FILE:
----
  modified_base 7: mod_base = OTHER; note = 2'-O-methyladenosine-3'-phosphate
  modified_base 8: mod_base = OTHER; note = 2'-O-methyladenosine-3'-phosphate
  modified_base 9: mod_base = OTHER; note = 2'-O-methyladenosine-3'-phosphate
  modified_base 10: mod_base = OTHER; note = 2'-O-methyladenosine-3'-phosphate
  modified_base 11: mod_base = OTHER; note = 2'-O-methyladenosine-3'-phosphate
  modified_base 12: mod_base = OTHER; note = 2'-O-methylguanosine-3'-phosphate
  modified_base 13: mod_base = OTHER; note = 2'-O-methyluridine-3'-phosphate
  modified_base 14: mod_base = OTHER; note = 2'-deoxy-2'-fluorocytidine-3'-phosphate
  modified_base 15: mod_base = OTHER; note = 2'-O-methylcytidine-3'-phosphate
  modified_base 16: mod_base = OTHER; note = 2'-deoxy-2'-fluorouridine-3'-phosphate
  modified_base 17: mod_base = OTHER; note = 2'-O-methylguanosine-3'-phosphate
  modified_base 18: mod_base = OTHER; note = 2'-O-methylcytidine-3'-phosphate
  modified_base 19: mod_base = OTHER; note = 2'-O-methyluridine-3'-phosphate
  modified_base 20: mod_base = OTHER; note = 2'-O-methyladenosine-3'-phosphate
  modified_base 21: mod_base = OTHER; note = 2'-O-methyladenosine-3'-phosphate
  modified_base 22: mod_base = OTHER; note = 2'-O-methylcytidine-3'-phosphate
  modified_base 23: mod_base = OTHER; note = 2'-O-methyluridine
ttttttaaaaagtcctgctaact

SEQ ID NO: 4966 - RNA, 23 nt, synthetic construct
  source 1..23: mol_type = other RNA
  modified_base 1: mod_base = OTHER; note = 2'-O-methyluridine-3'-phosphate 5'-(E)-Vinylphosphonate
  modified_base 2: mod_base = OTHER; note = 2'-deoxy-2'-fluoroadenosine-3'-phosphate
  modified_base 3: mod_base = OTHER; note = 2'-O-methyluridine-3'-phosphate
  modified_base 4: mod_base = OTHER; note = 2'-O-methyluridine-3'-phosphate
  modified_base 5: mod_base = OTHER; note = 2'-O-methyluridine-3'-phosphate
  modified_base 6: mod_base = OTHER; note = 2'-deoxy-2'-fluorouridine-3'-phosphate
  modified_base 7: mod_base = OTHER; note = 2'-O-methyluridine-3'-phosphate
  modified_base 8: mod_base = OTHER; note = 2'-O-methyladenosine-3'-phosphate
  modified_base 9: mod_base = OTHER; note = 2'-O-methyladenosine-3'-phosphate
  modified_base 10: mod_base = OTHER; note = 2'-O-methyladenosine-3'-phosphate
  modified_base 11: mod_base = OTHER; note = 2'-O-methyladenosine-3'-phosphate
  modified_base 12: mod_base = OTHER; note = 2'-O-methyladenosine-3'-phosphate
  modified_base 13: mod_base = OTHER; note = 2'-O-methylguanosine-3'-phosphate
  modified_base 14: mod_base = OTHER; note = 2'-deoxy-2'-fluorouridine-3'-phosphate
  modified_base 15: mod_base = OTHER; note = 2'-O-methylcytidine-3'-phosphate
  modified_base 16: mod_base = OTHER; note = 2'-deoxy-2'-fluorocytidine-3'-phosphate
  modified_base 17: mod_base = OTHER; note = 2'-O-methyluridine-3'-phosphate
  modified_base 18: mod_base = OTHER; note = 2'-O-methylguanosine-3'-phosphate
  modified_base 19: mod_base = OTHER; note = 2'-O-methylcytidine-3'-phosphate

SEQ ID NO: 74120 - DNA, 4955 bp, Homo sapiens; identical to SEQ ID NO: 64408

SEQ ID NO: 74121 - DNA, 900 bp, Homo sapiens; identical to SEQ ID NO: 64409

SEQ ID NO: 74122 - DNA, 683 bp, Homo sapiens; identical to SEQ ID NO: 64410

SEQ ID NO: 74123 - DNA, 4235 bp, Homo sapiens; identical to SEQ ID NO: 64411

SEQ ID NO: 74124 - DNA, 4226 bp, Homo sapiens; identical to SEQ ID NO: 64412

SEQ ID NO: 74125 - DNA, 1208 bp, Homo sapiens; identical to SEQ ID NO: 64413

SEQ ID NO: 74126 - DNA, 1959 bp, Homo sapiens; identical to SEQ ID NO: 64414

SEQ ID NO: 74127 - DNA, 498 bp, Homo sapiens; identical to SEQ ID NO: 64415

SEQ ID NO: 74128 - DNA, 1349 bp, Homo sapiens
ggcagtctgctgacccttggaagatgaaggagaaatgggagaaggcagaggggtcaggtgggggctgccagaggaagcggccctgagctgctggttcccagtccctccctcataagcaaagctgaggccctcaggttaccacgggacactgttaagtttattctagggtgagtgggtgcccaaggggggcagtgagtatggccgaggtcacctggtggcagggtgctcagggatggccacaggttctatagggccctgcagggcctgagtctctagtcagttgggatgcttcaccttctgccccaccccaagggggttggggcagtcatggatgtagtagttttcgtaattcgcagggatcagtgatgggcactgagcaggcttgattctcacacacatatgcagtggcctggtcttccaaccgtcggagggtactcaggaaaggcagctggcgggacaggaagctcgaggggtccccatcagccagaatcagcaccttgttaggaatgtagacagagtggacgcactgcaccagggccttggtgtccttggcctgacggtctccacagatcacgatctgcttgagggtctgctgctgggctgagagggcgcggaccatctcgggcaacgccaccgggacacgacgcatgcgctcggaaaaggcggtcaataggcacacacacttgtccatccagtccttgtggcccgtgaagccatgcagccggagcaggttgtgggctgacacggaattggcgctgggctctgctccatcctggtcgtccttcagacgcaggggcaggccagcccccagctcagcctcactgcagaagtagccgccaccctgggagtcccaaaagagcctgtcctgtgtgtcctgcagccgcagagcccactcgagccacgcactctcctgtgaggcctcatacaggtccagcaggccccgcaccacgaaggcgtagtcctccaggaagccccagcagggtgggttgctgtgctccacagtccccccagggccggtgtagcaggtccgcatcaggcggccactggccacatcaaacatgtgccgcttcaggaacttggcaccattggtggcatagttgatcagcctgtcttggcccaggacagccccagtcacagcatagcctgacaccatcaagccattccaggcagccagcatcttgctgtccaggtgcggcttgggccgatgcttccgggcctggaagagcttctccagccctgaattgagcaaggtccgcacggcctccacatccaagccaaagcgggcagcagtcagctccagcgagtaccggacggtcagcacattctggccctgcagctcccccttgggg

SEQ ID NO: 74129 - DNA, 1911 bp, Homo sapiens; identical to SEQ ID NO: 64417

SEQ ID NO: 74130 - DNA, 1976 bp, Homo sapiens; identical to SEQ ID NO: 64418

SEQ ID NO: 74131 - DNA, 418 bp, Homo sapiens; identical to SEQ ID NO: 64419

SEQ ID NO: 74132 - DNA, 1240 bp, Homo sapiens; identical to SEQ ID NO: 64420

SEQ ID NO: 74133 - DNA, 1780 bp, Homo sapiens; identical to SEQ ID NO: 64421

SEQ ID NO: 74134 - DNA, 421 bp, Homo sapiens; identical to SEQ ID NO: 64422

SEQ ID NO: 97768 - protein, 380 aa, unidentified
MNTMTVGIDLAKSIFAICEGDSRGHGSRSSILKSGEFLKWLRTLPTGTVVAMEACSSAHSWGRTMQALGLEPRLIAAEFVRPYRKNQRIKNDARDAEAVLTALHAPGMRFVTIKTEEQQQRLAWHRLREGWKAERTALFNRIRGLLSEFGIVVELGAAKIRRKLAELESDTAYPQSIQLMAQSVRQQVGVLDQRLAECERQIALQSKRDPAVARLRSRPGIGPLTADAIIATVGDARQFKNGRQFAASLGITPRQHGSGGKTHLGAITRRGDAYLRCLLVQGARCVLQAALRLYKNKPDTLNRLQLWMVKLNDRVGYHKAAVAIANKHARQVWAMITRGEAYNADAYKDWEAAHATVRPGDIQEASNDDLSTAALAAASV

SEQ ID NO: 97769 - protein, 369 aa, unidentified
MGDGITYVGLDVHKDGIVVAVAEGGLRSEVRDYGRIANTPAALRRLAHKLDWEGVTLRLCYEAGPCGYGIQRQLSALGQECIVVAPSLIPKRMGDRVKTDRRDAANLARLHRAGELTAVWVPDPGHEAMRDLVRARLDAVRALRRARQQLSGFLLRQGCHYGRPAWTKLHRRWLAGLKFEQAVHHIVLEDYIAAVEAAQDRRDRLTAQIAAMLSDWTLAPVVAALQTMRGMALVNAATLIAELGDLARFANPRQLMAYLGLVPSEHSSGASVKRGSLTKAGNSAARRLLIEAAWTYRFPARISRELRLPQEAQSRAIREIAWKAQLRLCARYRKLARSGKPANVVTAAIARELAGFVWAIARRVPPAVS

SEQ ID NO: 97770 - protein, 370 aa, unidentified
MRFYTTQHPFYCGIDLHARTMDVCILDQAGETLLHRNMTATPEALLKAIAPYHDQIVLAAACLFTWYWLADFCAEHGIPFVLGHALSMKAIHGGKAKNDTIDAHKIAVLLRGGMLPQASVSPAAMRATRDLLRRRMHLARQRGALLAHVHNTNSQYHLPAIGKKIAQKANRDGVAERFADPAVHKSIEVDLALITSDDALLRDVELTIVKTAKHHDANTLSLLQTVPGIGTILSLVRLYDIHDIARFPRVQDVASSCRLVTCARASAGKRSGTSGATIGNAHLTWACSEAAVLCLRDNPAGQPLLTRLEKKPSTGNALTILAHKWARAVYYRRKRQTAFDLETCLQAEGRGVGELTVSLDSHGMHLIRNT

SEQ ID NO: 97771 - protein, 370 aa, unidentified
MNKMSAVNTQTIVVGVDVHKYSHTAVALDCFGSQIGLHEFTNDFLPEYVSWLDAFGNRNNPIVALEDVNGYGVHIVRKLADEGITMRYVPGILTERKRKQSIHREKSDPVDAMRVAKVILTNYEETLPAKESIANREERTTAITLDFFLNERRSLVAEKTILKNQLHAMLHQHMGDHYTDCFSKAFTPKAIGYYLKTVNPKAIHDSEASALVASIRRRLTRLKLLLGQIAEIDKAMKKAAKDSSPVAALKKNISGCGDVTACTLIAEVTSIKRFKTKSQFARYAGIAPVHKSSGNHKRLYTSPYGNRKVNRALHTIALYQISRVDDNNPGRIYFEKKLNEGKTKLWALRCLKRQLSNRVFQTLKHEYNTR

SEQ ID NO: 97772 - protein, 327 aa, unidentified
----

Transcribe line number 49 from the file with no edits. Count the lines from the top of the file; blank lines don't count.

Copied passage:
ggcagtctgctgacccttggaagatgaaggagaaatgggagaaggcagaggggtcaggtgggggctgccagaggaagcggccctgagctgctggttcccagtccctccctcataagcaaagctgaggccctcaggttaccacgggacactgttaagtttattctagggtgagtgggtgcccaaggggggcagtgagtatggccgaggtcacctggtggcagggtgctcagggatggccacaggttctatagggccctgcagggcctgagtctctagtcagttgggatgcttcaccttctgccccaccccaagggggttggggcagtcatggatgtagtagttttcgtaattcgcagggatcagtgatgggcactgagcaggcttgattctcacacacatatgcagtggcctggtcttccaaccgtcggagggtactcaggaaaggcagctggcgggacaggaagctcgaggggtccccatcagccagaatcagcaccttgttaggaatgtagacagagtggacgcactgcaccagggccttggtgtccttggcctgacggtctccacagatcacgatctgcttgagggtctgctgctgggctgagagggcgcggaccatctcgggcaacgccaccgggacacgacgcatgcgctcggaaaaggcggtcaataggcacacacacttgtccatccagtccttgtggcccgtgaagccatgcagccggagcaggttgtgggctgacacggaattggcgctgggctctgctccatcctggtcgtccttcagacgcaggggcaggccagcccccagctcagcctcactgcagaagtagccgccaccctgggagtcccaaaagagcctgtcctgtgtgtcctgcagccgcagagcccactcgagccacgcactctcctgtgaggcctcatacaggtccagcaggccccgcaccacgaaggcgtagtcctccaggaagccccagcagggtgggttgctgtgctccacagtccccccagggccggtgtagcaggtccgcatcaggcggccactggccacatcaaacatgtgccgcttcaggaacttggcaccattggtggcatagttgatcagcctgtcttggcccaggacagccccagtcacagcatagcctgacaccatcaagccattccaggcagccagcatcttgctgtccaggtgcggcttgggccgatgcttccgggcctggaagagcttctccagccctgaattgagcaaggtccgcacggcctccacatccaagccaaagcgggcagcagtcagctccagcgagtaccggacggtcagcacattctggccctgcagctcccccttgggg